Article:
‘We see a trend towards larger and larger machines and therefore see this concept playing a role in the future additive manufacturing market,’ commented Faro, who showed that with the new system the company was able to fabricate a 316L stainless steel conceptual cooling structure 0.9 metres in length from six separate tiles, bonding the modular parts together using a special type of stitching. Additionally, he explained that with a process called dynamic tiling the machine is able to move the tiles both vertically and horizontally, allowing it to bring the tiles to the position of the processing field when building a pyramid, for example.
(Credit: Fraunhofer ILT)
The company is now faced with a series of challenges that come with the concept, such as overlapping the scan pattern and the large amounts of powder being used to fabricate larger parts. ‘We are looking to further develop the powder recirculation system, improve the traceability and handling procedures, and extend the material portfolio; Inconel is the next alloy to come,’ Faro said.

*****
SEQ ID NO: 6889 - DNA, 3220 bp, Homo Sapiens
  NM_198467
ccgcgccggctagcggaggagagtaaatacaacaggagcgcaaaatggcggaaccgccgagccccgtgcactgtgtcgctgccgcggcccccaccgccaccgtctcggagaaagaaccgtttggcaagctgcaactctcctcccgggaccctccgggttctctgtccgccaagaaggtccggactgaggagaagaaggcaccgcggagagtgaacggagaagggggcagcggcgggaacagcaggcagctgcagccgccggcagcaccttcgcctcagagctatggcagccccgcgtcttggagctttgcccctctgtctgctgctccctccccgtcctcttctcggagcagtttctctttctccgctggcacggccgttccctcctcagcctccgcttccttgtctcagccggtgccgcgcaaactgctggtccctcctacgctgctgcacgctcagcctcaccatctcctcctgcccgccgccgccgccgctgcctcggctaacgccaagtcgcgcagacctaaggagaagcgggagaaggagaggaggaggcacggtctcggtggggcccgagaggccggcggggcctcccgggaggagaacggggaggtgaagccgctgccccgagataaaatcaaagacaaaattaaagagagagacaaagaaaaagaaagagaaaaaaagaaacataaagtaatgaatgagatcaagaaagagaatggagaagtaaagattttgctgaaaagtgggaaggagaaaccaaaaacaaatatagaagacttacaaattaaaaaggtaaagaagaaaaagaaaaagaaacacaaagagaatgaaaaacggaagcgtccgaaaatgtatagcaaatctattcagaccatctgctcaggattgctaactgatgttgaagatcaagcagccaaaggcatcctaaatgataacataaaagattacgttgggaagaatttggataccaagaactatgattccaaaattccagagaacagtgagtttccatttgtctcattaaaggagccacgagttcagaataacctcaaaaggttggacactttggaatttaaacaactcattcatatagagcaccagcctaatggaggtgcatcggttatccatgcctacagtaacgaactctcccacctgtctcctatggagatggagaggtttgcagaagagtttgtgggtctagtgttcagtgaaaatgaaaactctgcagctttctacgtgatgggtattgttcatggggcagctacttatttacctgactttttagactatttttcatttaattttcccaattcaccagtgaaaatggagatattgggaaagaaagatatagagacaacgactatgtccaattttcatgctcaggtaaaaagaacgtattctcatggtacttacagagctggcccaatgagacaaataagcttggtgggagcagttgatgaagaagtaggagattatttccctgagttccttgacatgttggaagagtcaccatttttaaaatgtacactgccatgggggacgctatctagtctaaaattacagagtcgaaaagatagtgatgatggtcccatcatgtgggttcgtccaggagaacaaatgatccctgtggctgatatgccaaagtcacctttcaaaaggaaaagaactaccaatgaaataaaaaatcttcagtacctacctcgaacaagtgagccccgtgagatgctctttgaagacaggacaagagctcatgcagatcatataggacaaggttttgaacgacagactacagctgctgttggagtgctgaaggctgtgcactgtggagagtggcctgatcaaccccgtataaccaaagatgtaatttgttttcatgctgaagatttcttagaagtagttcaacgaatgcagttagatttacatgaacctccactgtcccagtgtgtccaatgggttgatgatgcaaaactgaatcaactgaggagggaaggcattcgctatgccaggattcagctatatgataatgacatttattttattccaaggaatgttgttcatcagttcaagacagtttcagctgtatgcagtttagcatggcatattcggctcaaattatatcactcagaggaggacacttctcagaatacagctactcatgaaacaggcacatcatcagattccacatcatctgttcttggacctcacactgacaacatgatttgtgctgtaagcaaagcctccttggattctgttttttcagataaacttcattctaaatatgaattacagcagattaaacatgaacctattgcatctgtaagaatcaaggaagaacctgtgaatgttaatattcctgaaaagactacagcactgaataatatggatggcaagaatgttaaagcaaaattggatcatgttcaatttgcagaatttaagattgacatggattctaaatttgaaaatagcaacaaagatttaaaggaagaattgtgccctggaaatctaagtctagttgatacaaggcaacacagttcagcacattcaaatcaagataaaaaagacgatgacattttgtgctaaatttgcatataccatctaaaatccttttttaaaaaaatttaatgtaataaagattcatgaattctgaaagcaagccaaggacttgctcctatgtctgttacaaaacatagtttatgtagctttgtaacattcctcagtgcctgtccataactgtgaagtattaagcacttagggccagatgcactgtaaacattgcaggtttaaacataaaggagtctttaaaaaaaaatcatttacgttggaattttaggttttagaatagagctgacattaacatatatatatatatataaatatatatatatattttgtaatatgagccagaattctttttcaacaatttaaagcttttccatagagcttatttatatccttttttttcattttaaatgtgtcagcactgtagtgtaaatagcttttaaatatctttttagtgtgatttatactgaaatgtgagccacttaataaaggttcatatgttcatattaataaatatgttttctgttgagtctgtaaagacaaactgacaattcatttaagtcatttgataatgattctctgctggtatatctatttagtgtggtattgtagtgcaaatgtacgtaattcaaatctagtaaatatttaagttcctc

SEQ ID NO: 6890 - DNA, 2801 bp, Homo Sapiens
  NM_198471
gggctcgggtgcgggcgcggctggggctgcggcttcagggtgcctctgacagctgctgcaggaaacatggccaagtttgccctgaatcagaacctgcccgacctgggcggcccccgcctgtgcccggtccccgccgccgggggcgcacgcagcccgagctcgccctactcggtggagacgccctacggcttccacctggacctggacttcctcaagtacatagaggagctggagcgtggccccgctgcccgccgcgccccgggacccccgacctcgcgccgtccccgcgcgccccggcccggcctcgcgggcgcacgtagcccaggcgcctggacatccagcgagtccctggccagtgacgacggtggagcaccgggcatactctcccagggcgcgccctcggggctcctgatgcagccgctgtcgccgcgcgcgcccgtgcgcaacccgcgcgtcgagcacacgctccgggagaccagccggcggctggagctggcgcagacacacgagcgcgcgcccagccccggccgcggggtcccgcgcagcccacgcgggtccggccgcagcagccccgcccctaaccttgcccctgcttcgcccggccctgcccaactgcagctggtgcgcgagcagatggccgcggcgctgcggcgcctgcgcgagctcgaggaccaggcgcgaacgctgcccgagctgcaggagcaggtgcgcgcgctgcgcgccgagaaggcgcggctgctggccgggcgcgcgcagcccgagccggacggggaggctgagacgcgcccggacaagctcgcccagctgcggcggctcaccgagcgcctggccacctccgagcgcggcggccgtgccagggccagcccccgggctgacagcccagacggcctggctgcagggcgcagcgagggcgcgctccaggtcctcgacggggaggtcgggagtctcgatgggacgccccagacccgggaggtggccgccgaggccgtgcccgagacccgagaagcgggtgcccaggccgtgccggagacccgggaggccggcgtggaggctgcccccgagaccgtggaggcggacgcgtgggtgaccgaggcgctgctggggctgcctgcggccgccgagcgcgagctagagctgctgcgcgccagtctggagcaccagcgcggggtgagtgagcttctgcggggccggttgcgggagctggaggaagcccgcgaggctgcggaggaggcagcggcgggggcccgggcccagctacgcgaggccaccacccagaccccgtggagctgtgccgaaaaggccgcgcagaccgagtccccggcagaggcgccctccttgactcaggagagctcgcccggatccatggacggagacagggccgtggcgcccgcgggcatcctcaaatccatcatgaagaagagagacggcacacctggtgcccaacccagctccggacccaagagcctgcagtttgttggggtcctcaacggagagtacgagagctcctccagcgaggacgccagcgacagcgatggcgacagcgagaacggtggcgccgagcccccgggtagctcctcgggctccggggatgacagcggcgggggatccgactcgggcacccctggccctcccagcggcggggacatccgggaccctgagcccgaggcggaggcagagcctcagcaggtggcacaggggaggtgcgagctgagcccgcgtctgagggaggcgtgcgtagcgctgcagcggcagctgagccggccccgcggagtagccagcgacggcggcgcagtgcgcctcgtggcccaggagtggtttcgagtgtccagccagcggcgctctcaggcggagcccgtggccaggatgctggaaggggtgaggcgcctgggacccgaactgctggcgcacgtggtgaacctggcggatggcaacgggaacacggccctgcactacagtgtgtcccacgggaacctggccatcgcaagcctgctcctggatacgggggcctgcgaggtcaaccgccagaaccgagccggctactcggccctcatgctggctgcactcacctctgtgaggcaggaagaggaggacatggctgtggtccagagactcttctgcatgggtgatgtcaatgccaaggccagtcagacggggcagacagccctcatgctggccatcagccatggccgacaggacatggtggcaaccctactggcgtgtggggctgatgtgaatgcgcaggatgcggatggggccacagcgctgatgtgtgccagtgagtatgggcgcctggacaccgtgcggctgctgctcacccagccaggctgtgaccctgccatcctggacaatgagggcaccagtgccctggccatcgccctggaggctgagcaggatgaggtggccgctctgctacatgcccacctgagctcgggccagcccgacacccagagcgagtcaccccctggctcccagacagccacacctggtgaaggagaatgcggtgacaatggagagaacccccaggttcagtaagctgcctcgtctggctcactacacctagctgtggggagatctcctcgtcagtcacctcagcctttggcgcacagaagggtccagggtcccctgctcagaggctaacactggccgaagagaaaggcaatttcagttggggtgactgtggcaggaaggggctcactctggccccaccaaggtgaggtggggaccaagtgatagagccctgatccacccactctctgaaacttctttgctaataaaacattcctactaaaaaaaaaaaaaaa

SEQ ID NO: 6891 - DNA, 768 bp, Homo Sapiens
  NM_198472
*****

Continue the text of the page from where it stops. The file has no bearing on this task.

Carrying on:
Looking to the future the company intends to develop industrial TLM systems that, unlike many current systems that tend to be closed off in terms of digital and physical operations, can be fully integrated into modern production environments. Adira also intends for the concept to become automated and compliant with Industry 4.0.
Faro commented: ‘We see it as a potential solution for the moulding, automotive and aeronautic industries and are aiming to start selling the machine next year.’
Meanwhile, in the short term, Adira is considering increasing the number of laser sources in its concept machine to reduce build times, a feature particularly important when constructing large parts that take longer to produce.